“For me, and for most players, I thrive off confidence. If I am confident I am 10 times better of a player,” Lundin opined. “It was a tough decision going into my senior year about playing in the USHL or playing junior hockey but I didn’t want to leave high school.

“I was having a blast and I still am so thankful I stayed because my senior year in high school was one of the best years of my life. Hockey-wise, I gained a lot of confidence. You are not always going to be the go-to guy to try to carry the team on your shoulders. I was able to do that and be a leader and gain that kind of experience and confidence that comes along with it.”

Ironically, Lundin was a state champion in baseball while coming up short in hockey.  Lundin pointed to his time away from hockey and playing other sports to developing himself as an all around athlete.

“I played baseball in the summer so I didn’t play a lot of summer hockey,” Lundin said. “I would contribute my development to being active and always playing sports. It didn’t have to be hockey specific for me. I still think that is a big thing just playing every sport all kinds of sports all the time. It works on your athleticism and everything that goes with it just translates to helping you be a better hockey player.”

Without his experience at Apple Valley with Eagles coach Jerry Hayes, Lundin’s career at Maine may have never happened which led to an 81-game rookie season in the NHL the year after he graduated from college.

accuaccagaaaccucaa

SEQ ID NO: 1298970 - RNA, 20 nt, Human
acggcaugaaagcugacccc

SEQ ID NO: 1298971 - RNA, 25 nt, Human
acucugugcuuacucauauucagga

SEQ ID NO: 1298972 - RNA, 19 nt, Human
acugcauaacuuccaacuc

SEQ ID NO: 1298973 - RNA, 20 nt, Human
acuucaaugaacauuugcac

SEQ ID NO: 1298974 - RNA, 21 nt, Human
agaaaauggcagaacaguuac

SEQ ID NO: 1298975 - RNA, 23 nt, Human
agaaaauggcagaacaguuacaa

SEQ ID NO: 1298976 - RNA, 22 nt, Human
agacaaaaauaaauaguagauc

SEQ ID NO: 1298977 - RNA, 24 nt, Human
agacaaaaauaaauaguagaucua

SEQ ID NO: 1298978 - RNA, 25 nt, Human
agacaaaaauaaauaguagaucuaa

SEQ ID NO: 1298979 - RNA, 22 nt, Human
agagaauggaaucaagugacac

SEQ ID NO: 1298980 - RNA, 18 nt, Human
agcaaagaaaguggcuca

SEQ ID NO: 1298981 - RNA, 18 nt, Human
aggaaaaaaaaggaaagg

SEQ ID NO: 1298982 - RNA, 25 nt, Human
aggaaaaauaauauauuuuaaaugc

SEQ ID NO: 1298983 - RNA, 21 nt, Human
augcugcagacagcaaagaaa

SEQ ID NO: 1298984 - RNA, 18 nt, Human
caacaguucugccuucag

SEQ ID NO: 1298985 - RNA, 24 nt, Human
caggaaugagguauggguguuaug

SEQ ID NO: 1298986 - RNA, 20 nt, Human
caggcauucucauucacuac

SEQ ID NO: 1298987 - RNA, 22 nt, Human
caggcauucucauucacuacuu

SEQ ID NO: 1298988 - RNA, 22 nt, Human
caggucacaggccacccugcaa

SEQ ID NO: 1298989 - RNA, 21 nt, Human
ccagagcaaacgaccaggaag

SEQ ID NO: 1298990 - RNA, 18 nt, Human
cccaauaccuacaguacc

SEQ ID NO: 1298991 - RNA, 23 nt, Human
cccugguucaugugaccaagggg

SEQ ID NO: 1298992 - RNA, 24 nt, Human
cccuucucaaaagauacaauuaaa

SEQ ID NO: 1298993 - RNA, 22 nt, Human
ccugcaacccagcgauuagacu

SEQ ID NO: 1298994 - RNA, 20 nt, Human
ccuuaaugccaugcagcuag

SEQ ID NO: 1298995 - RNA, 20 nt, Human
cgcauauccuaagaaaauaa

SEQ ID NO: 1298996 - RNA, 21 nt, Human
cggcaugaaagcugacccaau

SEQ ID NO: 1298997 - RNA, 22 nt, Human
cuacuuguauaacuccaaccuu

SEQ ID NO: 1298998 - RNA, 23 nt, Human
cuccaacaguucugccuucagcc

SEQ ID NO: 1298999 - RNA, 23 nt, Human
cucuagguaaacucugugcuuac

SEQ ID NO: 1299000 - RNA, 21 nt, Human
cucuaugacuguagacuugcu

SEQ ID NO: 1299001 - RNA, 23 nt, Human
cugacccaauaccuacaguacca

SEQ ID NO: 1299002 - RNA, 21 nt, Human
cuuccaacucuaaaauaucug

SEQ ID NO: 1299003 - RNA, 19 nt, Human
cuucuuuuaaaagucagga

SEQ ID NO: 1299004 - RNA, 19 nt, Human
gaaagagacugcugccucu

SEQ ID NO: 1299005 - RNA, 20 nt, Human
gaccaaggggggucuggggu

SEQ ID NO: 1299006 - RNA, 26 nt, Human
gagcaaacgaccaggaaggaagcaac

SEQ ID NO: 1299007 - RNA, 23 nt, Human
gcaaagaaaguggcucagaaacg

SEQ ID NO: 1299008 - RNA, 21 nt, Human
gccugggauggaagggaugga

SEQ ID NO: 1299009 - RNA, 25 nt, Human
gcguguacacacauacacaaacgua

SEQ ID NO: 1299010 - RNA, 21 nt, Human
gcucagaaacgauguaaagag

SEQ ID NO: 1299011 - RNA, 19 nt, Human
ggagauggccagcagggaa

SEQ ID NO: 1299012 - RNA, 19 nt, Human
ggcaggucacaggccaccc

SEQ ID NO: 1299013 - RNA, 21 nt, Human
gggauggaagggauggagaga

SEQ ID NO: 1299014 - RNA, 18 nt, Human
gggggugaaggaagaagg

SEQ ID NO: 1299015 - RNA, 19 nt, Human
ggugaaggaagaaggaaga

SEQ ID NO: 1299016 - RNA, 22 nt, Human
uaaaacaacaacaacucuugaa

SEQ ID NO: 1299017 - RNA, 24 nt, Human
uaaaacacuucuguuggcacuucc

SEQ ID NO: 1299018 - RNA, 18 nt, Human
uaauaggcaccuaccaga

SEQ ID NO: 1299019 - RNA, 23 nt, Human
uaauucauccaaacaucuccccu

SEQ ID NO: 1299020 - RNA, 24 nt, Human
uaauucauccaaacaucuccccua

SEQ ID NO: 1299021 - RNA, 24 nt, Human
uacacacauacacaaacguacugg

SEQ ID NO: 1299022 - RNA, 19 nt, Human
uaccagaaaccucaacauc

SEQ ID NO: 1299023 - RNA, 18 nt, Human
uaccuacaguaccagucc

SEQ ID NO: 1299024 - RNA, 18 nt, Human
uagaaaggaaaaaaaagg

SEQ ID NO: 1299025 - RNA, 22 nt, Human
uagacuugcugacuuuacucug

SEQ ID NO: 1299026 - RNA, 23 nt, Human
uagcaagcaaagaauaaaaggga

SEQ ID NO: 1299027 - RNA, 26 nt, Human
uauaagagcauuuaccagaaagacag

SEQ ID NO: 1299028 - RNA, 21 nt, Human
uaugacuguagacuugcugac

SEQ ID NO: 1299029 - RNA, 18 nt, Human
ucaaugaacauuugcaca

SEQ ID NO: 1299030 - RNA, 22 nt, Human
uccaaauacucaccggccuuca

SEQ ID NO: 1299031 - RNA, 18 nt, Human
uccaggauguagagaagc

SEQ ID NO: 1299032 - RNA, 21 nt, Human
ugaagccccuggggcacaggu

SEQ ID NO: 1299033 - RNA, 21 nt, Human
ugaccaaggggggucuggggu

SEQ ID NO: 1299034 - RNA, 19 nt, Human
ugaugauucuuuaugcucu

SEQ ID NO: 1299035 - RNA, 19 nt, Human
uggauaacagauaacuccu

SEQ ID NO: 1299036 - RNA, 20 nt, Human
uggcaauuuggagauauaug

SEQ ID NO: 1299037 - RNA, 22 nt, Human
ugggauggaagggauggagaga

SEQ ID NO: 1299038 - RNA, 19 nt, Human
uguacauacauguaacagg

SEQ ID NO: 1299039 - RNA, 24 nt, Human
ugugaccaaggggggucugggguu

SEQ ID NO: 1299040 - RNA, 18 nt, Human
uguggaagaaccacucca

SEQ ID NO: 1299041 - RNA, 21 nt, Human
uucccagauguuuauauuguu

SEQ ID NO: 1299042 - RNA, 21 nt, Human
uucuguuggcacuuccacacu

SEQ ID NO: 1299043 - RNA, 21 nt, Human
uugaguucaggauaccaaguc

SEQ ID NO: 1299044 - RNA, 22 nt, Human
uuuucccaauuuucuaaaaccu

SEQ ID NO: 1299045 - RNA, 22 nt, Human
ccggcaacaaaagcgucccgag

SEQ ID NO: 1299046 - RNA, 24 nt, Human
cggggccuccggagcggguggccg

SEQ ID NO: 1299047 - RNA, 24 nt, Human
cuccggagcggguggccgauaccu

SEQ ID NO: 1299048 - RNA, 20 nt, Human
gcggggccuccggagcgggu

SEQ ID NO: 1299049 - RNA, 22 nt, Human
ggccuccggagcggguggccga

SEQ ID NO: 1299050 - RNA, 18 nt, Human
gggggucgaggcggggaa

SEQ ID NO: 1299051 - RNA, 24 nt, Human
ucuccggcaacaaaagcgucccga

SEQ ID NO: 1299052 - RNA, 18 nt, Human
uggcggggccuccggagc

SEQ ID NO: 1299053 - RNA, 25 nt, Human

Lundin had plenty of good things to say about the staff at Apple Valley and said, “The varsity coaching staff for sure is really good there. They work with you one-on-one and Jerry Hayes, obviously, is a great head coach. Bob Altavilla has been there for a long time. I loved playing for him. He was an awesome guy running the bench. Then, Chris Sikich was fresh out of playing at the University of Alaska Anchorage and came back and worked on one on one things.

They have a good summer program; all the kids have fun and get down to business too. They are really smart hockey guys and they could all coach at a higher level if they wanted to. They are very qualified as high school coaches and they teach well.”

They taught so well that the University of Maine offered Lundin a last-minute scholarship after his senior season in Apple Valley. Like so many Minnesota hockey players, the dream of playing for the Gophers was always in the front of his mind.

Playing at Maine ended up being the perfect scenario for Lundin who was hoping to dress for some of the games  as a true freshman and ended up being a top four defenseman all year long and eventually played in the NCAA National Championship game.

From there, Lundin has gone on to live the dream getting paid to play the game he loves. When looking back on his career, he is well aware the place Jerry Hayes and Apple Valley High School had in his development, not only as a player, but a person.

The dream of playing for the Minnesota Gophers has been eclipsed for Lundin as he laces up his skates for the hometown Minnesota Wild this season.